I’m not surprised that Ontario PC Leader John Tory worked his buns off to eliminate the party’s $10-million-plus debt in two years. What does surprise me is that Premier Pinocchio and his backroom advisers let Tory do so unencumbered by new fundraising limits or corporate donor restrictions, as the Liberals and then Conservatives implemented federally.
But, if you can believe it, McGuinty promised he would do just that. (Another broken promise. Go figure.) Yes, among the 200-plus promises in the Fiberals’ voluminous 2003 election platform was a pledge to “give you the power over the role of money in politics, by asking you to set strict limits on the amounts political parties can raise and spend” (“Government that works for you,” p. 2). How were they going to do this? “We will ask you and your fellow citizens to set those limits through Citizens’ Juries." (“Government that works for you,” p. 12).
Instead, the Fiberals seem to have put all their eggs in their Willy Wonka-inspired electoral reform initiative, or Citizens Assembly on Electoral Reform, consisting of one randomly-selected person from each riding. This gussied-up focus group is charged with coming up with alternatives to the first-past-the-post electoral system. (There is no mention of election or party financing in the assembly’s consultation guide.) The assembly's public consultations wrap up at the end of January.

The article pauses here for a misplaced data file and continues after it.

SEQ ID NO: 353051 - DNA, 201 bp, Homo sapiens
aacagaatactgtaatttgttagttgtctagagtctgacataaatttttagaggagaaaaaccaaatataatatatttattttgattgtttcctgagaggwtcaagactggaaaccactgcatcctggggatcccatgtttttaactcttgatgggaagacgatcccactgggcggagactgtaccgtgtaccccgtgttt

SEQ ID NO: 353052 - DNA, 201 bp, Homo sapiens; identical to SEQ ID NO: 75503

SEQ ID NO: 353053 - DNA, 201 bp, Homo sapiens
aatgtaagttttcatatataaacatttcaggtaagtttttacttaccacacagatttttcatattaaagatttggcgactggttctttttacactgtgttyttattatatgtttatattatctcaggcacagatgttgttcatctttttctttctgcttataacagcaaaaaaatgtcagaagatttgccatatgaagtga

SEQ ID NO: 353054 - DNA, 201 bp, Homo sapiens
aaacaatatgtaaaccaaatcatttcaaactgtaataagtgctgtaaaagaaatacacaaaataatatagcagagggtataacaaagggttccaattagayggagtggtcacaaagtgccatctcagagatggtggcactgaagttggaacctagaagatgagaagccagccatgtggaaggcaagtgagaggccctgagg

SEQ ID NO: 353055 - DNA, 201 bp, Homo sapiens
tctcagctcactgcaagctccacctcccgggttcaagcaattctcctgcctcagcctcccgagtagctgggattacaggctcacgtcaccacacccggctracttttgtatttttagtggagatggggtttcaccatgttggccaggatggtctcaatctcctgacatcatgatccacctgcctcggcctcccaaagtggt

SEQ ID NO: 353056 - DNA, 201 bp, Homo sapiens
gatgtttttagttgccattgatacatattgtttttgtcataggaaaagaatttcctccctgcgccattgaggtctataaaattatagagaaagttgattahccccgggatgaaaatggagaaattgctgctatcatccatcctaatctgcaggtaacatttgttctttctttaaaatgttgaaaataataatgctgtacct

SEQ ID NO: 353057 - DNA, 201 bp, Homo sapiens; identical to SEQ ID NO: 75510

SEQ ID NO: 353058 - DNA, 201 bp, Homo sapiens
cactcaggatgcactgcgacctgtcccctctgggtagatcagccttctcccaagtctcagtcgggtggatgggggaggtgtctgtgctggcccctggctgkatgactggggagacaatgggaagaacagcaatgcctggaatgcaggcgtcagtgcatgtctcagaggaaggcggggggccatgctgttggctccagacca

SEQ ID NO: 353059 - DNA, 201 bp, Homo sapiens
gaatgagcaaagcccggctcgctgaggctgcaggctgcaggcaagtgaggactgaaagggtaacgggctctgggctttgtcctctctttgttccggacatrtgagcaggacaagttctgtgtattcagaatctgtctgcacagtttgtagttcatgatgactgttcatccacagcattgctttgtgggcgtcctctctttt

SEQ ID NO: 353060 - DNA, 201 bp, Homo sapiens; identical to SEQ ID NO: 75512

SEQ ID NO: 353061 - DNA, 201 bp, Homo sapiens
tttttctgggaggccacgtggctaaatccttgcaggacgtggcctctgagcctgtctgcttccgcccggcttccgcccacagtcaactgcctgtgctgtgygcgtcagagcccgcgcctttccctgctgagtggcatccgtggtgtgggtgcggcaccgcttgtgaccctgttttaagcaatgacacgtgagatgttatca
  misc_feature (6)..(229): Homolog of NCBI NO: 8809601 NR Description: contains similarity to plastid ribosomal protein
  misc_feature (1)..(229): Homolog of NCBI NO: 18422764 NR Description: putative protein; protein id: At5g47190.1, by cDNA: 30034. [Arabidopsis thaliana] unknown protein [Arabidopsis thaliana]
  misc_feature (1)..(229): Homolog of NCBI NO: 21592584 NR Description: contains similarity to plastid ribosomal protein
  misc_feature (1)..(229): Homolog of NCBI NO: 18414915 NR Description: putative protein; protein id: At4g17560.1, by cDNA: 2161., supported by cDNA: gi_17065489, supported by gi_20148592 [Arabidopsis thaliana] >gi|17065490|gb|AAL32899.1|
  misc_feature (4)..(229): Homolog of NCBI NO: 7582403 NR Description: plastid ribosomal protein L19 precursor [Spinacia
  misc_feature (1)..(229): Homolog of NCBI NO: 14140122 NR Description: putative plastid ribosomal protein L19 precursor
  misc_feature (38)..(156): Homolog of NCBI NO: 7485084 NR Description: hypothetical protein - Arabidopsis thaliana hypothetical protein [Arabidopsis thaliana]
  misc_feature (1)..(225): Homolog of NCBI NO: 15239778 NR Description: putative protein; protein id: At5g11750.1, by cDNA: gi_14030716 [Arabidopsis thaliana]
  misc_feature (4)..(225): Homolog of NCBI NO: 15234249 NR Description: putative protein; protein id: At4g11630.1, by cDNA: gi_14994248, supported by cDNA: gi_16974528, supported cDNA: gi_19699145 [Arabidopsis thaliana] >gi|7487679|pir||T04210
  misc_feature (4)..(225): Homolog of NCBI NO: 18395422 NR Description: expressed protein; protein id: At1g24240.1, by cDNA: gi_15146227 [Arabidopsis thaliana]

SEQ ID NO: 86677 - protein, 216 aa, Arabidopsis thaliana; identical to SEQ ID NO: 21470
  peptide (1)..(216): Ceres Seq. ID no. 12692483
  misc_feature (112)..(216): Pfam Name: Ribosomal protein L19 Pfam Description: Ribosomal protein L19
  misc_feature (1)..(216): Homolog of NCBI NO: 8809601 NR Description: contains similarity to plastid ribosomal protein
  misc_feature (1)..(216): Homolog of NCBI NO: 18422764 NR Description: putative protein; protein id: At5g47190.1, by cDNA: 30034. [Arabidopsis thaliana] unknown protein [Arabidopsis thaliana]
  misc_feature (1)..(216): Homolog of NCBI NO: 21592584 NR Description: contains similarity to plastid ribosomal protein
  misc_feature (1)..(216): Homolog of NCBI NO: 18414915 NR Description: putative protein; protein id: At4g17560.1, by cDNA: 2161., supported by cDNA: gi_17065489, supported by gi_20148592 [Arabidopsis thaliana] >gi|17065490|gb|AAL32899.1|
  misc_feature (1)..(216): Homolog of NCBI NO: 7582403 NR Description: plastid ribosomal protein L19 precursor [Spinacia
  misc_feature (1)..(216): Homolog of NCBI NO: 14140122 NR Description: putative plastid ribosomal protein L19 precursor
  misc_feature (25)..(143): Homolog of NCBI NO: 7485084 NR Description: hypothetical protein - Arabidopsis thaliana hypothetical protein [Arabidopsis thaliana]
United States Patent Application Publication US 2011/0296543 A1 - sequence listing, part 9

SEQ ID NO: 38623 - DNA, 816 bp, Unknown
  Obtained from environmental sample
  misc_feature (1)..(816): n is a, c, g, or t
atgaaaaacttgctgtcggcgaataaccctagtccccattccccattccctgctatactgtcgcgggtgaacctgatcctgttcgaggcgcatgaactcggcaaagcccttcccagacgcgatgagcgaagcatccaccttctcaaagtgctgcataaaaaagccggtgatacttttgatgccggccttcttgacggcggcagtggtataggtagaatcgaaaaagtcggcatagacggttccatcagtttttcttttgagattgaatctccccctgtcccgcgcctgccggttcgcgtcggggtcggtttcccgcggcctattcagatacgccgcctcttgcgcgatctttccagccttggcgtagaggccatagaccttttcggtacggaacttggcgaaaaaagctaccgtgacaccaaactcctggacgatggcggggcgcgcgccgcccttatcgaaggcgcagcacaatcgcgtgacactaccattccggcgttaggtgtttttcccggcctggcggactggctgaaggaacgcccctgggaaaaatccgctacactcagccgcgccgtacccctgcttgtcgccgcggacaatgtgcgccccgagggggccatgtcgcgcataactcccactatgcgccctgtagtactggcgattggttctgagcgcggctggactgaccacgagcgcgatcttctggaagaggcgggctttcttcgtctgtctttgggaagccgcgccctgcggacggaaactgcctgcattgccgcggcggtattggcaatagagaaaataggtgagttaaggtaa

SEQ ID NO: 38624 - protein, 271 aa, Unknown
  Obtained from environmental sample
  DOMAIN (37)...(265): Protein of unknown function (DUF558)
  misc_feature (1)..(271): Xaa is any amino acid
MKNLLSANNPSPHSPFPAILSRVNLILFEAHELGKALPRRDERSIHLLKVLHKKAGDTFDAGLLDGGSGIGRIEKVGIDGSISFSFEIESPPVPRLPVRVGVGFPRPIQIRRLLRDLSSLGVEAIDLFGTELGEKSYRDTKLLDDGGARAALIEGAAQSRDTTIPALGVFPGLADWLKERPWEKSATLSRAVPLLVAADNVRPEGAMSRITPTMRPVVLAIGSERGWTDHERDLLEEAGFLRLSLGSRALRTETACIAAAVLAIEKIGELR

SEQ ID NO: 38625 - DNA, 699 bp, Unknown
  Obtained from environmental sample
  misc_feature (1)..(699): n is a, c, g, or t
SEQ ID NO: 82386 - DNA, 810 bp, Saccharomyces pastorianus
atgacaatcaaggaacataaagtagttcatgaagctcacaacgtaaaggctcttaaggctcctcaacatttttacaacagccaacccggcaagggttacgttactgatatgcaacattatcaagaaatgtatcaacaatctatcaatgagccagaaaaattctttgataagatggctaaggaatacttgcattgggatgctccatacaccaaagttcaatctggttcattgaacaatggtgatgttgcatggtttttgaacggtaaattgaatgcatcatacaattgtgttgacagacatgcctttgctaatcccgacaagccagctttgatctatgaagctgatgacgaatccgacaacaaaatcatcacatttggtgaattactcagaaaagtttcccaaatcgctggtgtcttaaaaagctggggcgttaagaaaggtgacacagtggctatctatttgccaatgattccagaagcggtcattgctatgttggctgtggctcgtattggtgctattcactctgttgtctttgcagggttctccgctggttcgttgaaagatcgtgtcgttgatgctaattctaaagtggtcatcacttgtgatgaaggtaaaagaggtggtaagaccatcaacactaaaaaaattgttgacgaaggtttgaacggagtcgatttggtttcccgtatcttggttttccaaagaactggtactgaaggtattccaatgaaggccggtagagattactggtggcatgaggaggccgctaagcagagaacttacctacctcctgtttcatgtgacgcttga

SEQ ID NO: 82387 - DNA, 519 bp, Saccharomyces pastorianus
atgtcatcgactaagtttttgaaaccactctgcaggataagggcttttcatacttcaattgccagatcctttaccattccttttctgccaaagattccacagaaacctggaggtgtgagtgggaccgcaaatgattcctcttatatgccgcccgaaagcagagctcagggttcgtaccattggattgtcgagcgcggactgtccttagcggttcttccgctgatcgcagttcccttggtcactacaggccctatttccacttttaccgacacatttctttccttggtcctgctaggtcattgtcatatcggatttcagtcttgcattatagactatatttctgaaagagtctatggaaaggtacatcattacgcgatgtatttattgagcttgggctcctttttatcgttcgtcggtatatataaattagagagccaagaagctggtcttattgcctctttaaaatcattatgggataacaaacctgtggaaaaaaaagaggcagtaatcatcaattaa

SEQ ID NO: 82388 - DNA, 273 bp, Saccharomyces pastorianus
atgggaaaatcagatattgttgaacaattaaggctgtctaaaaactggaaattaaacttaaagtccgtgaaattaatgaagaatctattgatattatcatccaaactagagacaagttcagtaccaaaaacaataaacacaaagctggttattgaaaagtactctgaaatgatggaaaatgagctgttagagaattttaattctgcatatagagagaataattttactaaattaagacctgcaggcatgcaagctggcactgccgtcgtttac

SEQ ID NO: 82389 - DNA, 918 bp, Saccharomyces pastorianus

I know what you’re thinking: perhaps this is all a fiendishly clever Fiberal plan to make the Tories look beholden to big business. Sorry, but that ship sailed when McGuinty held the first of his annual $1-million-plus fundraising dinners. And John Tory’s not the one living in a $1-million Rosedale house that his party bought for him (that’s mortgaged to the hilt to boot) – the Guinster is.
Slowing the Tories’ progress in paying off their debt before going into an election would have netted a comparative financial advantage for the Liberals, with the added benefit of actually keeping one of their election promises. Instead, they have tied up $1 million of their borrowing capacity to buy a house for their leader to live in. You’re doing a heckuva job, Dalton!